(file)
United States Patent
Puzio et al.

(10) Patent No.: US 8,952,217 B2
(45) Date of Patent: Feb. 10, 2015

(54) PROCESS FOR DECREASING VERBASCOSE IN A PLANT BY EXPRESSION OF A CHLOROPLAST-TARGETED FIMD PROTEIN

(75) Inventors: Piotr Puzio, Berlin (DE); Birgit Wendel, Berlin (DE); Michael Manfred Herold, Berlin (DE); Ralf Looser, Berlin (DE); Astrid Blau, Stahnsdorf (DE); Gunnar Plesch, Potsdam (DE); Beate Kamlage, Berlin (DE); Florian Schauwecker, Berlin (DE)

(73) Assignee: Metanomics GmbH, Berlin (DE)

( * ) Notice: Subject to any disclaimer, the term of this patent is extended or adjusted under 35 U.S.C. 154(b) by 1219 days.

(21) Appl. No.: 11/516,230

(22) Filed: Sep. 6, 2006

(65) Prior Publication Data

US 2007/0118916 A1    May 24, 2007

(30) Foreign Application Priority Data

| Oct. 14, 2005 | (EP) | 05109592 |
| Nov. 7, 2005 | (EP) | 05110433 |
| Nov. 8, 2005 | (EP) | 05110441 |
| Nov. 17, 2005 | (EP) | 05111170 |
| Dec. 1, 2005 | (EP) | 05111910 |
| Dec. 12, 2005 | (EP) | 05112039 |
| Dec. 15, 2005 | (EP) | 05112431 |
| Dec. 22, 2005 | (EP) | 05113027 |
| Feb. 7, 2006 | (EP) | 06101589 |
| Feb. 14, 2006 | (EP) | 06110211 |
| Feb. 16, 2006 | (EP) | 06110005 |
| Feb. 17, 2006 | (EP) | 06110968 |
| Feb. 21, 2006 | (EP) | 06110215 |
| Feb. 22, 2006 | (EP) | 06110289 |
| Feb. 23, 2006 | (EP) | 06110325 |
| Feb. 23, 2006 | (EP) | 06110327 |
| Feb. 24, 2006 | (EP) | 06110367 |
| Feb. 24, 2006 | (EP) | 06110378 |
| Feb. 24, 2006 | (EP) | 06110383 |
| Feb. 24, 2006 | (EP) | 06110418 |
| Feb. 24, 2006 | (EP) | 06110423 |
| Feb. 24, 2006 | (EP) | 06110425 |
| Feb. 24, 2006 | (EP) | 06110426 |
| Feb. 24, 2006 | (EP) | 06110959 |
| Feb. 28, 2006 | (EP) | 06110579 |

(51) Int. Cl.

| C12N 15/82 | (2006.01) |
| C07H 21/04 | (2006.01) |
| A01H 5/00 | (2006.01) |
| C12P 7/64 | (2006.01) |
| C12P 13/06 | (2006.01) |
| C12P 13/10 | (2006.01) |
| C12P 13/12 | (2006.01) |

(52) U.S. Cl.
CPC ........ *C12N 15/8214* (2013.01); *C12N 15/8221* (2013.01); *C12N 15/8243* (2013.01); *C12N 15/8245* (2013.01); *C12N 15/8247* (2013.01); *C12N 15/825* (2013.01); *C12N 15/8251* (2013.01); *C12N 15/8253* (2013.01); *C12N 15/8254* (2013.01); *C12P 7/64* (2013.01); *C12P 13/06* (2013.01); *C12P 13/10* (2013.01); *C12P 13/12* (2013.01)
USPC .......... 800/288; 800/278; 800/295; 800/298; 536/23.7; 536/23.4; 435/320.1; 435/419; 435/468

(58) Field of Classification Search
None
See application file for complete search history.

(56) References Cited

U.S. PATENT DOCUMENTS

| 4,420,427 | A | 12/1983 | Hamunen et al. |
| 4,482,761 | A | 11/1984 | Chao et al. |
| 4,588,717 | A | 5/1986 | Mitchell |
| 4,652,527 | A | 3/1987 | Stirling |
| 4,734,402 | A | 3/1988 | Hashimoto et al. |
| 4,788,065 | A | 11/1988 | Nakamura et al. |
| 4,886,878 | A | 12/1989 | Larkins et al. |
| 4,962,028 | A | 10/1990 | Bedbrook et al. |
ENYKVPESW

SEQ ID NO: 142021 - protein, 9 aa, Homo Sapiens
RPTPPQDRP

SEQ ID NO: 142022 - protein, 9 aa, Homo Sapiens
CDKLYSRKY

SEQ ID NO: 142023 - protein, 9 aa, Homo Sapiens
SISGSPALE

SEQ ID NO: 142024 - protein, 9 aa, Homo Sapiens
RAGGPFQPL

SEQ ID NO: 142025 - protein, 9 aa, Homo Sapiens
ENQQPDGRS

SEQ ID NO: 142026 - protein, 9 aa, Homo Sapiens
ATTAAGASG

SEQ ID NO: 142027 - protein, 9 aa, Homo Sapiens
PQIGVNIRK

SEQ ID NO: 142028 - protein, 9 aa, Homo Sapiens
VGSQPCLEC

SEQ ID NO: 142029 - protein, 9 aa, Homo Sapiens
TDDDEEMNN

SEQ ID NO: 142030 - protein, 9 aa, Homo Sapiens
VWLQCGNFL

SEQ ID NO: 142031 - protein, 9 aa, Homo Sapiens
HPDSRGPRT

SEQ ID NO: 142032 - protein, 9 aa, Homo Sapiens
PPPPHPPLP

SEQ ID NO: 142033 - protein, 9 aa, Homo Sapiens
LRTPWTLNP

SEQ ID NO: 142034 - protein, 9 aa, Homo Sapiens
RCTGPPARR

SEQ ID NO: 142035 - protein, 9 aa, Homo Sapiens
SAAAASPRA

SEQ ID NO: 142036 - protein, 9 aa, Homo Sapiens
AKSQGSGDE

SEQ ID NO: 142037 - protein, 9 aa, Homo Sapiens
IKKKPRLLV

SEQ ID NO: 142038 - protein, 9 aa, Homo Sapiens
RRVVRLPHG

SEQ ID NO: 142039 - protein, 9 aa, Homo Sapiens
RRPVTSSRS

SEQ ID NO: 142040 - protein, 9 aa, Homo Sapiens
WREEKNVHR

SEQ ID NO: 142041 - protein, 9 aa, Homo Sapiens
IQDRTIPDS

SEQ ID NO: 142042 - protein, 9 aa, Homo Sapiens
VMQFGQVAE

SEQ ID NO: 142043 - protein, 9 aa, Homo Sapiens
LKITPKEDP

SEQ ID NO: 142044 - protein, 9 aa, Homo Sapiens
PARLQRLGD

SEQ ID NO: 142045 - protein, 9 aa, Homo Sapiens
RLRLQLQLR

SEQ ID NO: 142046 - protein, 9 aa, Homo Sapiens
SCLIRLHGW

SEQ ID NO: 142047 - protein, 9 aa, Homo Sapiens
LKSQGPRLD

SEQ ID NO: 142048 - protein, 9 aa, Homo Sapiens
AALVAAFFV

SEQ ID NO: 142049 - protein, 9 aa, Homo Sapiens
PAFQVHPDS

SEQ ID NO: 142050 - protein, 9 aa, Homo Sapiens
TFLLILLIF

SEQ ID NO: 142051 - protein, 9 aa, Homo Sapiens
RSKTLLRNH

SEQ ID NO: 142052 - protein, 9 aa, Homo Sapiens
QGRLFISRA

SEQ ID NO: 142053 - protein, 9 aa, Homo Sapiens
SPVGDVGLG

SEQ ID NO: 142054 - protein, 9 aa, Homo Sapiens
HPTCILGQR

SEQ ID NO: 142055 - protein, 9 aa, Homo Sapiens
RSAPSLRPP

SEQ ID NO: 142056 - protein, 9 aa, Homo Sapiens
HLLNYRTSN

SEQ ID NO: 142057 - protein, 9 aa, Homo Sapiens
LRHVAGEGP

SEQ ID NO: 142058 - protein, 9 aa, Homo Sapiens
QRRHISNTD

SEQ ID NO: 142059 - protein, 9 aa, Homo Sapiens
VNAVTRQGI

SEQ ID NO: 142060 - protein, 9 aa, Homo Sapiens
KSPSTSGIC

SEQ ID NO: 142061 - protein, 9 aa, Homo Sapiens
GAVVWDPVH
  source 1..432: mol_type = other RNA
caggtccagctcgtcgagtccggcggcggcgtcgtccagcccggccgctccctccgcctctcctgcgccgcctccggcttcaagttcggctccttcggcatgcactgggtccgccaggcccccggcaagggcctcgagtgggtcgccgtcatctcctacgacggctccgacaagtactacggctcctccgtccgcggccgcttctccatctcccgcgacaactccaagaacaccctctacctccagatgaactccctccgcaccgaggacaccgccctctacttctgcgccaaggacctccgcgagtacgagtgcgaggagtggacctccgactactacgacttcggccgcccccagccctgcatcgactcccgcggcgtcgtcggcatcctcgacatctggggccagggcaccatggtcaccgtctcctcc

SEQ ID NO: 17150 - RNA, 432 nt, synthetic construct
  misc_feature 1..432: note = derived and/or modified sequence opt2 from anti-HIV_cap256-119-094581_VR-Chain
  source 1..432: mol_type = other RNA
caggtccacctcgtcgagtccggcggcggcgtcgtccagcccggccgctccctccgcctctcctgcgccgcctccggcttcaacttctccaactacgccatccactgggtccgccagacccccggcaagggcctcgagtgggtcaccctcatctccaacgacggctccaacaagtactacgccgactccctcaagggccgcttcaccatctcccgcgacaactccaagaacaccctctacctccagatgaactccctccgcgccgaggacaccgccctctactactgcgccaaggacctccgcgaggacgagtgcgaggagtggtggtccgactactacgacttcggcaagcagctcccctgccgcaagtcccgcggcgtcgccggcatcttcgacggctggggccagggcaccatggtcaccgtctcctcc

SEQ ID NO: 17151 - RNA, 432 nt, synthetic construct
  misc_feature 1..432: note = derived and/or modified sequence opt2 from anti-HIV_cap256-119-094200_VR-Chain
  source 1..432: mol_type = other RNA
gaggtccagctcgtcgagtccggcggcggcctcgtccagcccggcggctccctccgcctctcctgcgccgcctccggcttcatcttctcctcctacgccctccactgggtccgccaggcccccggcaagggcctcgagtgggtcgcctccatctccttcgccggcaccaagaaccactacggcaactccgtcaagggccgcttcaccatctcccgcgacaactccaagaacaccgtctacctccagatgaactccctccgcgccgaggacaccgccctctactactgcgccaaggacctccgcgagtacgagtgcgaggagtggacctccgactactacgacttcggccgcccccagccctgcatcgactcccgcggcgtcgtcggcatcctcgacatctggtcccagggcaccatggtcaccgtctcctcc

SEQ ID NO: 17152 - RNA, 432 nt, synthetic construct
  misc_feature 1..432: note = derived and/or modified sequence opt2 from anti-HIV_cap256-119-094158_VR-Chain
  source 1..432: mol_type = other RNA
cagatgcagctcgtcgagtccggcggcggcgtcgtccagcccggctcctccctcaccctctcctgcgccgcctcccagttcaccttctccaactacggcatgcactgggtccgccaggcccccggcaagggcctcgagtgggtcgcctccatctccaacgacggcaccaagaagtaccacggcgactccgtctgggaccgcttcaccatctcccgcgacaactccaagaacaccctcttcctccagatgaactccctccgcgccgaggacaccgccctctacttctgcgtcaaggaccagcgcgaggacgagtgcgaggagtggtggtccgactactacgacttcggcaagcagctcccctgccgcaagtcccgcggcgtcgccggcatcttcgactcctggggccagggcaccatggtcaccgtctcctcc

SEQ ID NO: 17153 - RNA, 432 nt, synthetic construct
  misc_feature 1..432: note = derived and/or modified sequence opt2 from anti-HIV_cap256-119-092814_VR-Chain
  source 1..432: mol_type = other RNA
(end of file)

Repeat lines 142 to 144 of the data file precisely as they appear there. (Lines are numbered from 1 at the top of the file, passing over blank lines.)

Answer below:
SEQ ID NO: 142060 - protein, 9 aa, Homo Sapiens
KSPSTSGIC

SEQ ID NO: 142061 - protein, 9 aa, Homo Sapiens